Drawing on the Great Artesian Basin
One of the nation’s leading water experts says more work is needed in the Great Artesian Basin (GAB) to ensure a water supply for the future.
The GAB is one of the largest artesian groundwater basins in the world – underlying one-fifth of Australia and most of Queensland. It provides water for much of Queensland’s pastoral industry and for many inland towns.
Professor Peter Cullen is the CEO of the Cooperative Research Centre for Freshwater Ecology and the chairman of the Victorian Water Trust Advisory Council. He says Queensland has a wonderful asset in the Great Artesian Basin and it should be managed carefully.
“If you overdraw on it… what you’re going to find is that people are going to have to put pumps down to start accessing the ground water and that immediately changes the economics and all the rest of it, so it’s a question of protecting and sustaining the resource you’ve got, where the water comes up under natural pressure,” Professor Cullen said.
He says that the piping and capping scheme in the GAB has been a success story but there are still places where the capping and piping has not gone as far as it needs to.
“The pressure could still be dropping and of course there are other risks in the GAB from time to time in that mining developments see it as a potential source of water for mining activity and again I think that needs to be managed very carefully.”
Professor Cullen also says there shouldn’t be any more new bores until it can be demonstrated that it is not going to be taking water from other people.
“If you just have a free for all, grabbing at whatever ground water’s there, they’ll all dry up. So I think a prudent government should be managing a resource like this to make sure that this wonderful natural asset that you’ve got, is there for the future and future generations,” he said.
Professor Cullen says water meters for all GAB bores are also on the agenda.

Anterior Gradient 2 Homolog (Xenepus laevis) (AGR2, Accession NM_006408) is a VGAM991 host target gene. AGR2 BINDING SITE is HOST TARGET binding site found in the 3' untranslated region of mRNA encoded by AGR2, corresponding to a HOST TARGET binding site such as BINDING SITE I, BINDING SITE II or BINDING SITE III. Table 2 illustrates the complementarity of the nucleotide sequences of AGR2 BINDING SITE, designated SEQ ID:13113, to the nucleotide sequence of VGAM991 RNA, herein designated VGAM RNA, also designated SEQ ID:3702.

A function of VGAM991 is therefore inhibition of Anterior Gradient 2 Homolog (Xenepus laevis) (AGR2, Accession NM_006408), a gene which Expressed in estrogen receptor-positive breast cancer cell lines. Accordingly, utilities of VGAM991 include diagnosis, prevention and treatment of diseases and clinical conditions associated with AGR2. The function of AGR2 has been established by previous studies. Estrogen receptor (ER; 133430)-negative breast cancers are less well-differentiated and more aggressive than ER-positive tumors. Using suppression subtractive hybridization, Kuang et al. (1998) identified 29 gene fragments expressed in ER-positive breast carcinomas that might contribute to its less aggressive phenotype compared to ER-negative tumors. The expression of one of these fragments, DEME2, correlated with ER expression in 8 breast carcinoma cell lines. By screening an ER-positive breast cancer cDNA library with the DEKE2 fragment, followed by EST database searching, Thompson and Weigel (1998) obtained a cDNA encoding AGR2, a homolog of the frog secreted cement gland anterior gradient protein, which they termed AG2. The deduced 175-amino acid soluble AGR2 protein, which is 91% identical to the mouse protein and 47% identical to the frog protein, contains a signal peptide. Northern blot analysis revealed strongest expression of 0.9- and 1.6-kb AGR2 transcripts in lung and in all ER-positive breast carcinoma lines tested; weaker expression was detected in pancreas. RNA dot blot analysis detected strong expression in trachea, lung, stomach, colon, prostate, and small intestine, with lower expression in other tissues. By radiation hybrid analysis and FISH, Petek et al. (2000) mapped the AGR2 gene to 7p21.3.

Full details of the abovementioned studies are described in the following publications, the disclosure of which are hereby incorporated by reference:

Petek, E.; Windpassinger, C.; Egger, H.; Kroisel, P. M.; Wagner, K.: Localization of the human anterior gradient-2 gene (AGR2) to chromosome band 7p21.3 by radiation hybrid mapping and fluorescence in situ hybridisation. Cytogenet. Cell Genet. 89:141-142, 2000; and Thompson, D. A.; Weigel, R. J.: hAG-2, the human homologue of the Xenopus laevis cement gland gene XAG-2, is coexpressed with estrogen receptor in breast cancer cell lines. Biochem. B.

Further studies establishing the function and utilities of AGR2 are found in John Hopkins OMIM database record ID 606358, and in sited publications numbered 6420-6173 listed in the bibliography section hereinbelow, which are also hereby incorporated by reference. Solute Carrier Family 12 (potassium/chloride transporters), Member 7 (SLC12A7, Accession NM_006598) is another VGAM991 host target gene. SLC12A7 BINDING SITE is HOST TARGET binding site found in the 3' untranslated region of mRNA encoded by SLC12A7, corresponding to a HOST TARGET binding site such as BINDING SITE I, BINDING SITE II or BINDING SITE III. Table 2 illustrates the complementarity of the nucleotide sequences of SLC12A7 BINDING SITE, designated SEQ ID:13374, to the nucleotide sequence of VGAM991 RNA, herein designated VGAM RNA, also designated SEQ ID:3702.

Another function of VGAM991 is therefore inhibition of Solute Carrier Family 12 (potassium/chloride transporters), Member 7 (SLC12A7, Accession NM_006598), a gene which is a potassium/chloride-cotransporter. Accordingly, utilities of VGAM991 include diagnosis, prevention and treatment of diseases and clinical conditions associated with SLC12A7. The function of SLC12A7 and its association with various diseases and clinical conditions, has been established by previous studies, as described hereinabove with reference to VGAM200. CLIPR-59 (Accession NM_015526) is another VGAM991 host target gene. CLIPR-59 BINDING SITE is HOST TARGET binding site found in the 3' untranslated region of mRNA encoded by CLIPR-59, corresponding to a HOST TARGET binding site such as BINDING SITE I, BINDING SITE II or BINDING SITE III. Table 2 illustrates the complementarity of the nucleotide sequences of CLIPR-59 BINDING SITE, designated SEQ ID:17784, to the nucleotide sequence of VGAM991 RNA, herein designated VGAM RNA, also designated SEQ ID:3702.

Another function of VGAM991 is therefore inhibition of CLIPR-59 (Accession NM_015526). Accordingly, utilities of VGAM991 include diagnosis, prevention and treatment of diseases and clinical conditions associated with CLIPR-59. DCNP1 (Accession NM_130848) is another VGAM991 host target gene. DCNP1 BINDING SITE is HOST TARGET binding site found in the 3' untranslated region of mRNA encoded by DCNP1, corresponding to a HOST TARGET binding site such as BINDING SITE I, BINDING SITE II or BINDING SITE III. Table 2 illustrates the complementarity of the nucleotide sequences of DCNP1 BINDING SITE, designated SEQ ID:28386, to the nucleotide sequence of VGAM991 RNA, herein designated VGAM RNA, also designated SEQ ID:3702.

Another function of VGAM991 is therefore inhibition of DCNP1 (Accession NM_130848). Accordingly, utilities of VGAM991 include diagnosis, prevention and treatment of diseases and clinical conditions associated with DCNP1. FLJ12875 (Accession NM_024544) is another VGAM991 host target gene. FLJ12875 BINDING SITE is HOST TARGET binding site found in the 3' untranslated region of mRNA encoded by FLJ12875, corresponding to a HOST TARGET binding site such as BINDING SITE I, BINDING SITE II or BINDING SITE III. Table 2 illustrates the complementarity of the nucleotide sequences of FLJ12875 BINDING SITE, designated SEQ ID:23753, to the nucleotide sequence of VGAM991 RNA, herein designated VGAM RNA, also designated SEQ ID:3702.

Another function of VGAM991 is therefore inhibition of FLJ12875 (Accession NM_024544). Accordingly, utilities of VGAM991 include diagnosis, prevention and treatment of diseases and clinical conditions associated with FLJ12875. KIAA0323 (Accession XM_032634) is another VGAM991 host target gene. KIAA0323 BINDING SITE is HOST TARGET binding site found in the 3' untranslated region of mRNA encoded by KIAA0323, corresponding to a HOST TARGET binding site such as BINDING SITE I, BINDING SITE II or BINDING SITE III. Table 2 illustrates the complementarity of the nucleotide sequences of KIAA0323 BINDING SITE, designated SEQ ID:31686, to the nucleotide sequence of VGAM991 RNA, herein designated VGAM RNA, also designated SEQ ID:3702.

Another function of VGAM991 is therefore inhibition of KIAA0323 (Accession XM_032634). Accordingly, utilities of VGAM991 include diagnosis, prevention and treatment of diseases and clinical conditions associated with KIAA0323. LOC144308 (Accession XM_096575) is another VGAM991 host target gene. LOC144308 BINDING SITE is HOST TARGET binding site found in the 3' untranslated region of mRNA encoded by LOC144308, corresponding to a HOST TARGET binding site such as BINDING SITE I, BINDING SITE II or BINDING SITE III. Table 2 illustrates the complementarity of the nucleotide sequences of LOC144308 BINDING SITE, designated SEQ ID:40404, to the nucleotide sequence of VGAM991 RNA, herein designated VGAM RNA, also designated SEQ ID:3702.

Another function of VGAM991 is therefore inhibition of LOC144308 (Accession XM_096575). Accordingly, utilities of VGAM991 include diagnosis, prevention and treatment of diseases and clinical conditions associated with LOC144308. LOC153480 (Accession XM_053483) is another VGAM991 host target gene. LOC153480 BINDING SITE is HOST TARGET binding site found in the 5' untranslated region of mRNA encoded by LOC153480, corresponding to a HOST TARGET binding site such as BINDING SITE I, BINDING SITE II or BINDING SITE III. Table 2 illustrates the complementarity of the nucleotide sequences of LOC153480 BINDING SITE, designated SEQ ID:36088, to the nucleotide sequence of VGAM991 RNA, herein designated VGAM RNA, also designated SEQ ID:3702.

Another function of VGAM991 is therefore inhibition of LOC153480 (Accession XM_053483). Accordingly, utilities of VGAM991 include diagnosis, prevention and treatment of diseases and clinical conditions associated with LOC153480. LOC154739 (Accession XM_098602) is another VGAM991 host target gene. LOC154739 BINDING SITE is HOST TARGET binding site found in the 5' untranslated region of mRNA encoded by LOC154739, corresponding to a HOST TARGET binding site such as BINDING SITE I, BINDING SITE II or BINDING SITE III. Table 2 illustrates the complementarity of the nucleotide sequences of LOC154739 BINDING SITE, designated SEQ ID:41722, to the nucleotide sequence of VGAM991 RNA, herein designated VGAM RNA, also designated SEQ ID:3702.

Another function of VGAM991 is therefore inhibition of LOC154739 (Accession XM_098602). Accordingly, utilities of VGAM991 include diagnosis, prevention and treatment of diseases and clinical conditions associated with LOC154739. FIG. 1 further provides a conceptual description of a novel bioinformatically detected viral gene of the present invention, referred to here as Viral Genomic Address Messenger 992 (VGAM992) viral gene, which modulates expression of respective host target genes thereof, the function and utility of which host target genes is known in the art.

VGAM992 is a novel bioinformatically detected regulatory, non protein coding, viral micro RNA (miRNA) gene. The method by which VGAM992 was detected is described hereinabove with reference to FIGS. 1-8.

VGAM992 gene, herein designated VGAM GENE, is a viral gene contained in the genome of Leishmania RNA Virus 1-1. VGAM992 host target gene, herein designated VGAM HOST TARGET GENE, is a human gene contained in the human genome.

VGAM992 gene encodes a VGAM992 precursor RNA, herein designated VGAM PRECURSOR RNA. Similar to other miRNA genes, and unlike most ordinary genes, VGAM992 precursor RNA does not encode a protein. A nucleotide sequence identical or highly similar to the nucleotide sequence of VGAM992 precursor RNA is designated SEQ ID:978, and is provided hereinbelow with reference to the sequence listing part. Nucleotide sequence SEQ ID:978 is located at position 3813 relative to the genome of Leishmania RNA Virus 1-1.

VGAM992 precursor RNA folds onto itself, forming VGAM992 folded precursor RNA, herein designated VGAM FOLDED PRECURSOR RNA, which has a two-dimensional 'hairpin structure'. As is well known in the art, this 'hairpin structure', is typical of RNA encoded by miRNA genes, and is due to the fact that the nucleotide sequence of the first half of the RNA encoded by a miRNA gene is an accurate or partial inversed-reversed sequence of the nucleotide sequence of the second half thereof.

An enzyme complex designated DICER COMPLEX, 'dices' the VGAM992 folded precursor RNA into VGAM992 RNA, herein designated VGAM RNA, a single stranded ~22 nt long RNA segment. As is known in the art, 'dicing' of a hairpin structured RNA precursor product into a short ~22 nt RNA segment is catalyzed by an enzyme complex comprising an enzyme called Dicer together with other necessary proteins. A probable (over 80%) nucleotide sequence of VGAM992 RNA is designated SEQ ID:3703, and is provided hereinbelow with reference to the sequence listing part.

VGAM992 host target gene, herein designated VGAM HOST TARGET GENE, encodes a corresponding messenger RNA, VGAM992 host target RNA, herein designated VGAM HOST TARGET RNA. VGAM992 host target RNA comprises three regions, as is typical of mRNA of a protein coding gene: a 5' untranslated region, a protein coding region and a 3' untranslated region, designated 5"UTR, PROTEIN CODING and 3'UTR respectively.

“You can’t manage a resource unless you know what’s there and part of that is how much has been taken out,” he said.
“I’m advocating a national approach to managing our ground water seriously and that means controlling who can take it and measuring how much they take.”
John Seccombe is a grazier from Longreach and a former chairman of the Great Artesian Basin Consultative Committee. He says it is an over-simplification to say there should be no new bores or that all bores should be metered.
“The management structures of water resources in both the Commonwealth and state areas do know what the water resources are, they do know what the volumes are and they do know what the extraction rates are,” Mr Seccombe said.
“The issue is not so much that we should be restraining stock and domestic bore numbers, but it is restraining the outflow.”
Mr Seccombe does not believe that the bore drain replacement scheme has had enough resources thrown at it and says it is running behind with targets set in the 2001 Great Artesian Basin strategic management plan.
“They’re certainly behind with those targets for rehabilitating bores and one of the reasons is they just don’t have the physical number of people to administer the scheme or to assist landholders with finance,” he said.
“It is ludicrous to think that on one hand they are letting bores run freely and on the other hand they are restricting access to the basin.”
And he believes that meters on the thousands of bores in the GAB would be costly and impractical.
“You need a lot more people employed to read and maintain these meters. All these things cost money and the landholders will be the ones to bear that cost.”
Mr Seccombe says it is easy enough to calculate how much water is being used from a bore from how many stock are accessing it.
But he says water meters are certainly required for regulated water supplies from the GAB that is for commercial like mines and power stations.